It’s back-to-school time! Classroom organization is ready and routines are established. Now it’s time to start assessments, and that is not always an easy undertaking. First, assessment takes significant prep work: you have to print materials, note students’ prior level, set each student up in your data management system, and then assess every student in a reasonable amount of time while staying organized and keeping track of all materials and results! It’s a lot of work. It can be easy to get caught up in the logistics and lose sight of the main reason why we assess our students. So let’s take a step back and kick off the new school year thinking about the power and purpose of assessment. More...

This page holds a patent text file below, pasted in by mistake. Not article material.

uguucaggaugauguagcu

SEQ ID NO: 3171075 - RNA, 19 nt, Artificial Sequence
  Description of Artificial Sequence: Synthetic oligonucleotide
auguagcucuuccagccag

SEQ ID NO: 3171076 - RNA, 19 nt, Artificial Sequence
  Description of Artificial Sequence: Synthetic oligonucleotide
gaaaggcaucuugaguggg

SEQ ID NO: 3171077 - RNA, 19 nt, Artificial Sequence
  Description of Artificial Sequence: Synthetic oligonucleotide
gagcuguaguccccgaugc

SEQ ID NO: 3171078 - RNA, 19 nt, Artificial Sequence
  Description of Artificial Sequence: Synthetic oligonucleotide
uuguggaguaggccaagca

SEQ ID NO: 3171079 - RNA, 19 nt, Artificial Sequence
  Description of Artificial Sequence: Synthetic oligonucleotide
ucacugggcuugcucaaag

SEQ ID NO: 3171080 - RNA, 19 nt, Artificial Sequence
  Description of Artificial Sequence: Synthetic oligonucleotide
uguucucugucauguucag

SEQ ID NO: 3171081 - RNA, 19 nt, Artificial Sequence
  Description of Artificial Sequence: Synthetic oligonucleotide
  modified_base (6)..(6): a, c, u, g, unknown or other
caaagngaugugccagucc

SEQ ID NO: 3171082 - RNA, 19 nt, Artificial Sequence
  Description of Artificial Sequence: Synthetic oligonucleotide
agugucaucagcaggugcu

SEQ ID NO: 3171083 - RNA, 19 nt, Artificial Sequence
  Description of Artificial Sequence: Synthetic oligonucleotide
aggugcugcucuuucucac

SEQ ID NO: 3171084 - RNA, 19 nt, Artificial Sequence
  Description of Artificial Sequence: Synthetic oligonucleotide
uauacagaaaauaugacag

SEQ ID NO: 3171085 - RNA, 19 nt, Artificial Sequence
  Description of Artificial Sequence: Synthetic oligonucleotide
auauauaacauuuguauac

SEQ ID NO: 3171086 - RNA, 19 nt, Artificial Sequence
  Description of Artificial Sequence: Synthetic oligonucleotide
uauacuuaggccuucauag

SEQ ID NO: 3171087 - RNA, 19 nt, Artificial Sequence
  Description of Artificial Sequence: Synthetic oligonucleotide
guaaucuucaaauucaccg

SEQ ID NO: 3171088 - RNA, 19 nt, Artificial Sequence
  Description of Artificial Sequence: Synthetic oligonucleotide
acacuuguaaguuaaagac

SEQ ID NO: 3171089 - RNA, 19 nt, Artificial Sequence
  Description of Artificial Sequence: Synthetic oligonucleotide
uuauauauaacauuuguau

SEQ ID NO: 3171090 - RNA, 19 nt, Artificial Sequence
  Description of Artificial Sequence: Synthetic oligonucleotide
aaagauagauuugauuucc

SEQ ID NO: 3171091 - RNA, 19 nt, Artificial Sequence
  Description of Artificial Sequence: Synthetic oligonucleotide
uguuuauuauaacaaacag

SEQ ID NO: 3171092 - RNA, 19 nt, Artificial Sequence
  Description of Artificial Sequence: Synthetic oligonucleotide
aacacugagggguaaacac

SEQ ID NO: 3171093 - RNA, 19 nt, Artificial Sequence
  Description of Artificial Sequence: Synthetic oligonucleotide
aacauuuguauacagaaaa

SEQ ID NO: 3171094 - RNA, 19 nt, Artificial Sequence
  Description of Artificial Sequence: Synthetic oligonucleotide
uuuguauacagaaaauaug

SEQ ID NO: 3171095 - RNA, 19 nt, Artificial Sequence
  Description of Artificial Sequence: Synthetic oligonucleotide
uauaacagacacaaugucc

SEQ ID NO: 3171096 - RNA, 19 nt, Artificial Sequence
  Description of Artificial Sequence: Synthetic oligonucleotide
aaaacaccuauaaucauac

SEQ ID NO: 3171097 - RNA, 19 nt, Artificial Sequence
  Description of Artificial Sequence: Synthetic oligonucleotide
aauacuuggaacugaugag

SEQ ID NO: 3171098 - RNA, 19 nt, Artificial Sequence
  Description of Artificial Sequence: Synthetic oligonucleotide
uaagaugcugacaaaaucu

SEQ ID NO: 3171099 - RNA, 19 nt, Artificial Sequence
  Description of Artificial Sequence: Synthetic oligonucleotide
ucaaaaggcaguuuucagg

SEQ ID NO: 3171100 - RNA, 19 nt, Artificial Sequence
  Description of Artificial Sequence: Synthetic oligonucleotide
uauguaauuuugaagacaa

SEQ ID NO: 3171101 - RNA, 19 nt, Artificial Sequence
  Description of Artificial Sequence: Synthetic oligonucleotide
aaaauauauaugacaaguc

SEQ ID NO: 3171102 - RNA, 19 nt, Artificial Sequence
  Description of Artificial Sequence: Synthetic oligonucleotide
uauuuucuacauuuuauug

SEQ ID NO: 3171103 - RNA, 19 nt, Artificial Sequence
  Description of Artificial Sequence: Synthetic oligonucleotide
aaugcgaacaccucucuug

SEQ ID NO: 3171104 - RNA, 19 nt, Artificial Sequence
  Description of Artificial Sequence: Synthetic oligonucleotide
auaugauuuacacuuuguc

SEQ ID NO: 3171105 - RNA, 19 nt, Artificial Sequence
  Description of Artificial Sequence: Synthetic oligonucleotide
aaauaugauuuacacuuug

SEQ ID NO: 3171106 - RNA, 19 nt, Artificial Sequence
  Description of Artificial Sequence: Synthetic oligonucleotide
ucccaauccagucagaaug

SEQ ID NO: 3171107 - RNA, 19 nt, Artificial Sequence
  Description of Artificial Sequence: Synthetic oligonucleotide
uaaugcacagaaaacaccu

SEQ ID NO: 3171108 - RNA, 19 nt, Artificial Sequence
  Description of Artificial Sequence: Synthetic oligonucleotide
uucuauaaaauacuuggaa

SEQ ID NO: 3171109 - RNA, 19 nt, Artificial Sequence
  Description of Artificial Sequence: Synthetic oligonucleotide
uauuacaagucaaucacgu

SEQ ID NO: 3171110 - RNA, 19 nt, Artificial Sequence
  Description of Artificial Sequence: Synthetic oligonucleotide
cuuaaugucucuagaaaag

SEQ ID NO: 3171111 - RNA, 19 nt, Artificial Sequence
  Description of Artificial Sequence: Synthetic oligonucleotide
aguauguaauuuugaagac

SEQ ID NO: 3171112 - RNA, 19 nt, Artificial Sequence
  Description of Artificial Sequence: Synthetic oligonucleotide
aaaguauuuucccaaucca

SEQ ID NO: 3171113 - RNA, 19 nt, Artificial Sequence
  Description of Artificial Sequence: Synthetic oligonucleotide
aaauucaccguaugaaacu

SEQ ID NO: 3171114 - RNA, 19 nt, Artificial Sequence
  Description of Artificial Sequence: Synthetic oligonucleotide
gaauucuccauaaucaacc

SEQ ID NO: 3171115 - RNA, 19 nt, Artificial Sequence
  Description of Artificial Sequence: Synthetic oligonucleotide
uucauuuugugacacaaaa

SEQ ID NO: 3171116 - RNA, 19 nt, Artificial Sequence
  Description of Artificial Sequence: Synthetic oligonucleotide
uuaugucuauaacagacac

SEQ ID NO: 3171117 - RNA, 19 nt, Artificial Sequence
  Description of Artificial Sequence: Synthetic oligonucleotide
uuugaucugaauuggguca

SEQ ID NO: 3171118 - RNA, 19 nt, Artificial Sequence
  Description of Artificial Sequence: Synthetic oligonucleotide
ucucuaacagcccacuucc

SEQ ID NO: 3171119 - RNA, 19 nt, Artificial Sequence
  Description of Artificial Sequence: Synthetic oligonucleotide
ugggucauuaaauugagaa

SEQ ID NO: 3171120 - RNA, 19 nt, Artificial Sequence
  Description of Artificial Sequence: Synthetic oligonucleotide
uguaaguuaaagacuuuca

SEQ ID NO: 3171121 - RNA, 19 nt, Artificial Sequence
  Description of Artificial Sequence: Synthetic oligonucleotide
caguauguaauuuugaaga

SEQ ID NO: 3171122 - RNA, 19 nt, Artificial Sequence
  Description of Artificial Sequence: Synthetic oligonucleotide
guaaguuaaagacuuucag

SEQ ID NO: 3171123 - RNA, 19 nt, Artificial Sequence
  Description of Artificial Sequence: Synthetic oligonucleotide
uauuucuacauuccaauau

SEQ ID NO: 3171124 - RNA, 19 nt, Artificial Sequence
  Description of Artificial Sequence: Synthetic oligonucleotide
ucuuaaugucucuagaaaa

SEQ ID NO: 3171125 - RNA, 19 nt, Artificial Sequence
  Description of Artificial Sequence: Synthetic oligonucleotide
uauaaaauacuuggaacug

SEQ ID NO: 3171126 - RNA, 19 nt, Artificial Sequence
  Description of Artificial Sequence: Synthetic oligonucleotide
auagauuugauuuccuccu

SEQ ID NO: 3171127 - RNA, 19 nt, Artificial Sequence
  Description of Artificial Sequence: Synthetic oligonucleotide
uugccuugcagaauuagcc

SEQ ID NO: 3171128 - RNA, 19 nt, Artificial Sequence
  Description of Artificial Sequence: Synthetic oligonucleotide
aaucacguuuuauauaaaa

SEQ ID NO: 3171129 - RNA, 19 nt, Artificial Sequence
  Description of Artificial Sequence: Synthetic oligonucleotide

August 11. 2017

Enhanced Fountas & Pinnell Literacy™ Recording Forms: Why we changed them and how it might affect you


Fountas and Pinnell are always working with teachers in schools, observing new practices and refining their current thinking. After witnessing many assessments being administered using the Benchmark Assessment System (BAS) they realized that gaining strong behavioral evidence of understanding (using talk as evidence) was new or unfamiliar to many teachers. In fact, many teachers were not receiving enough opportunity for continuous professional learning in standardized administration and evidence-based scoring.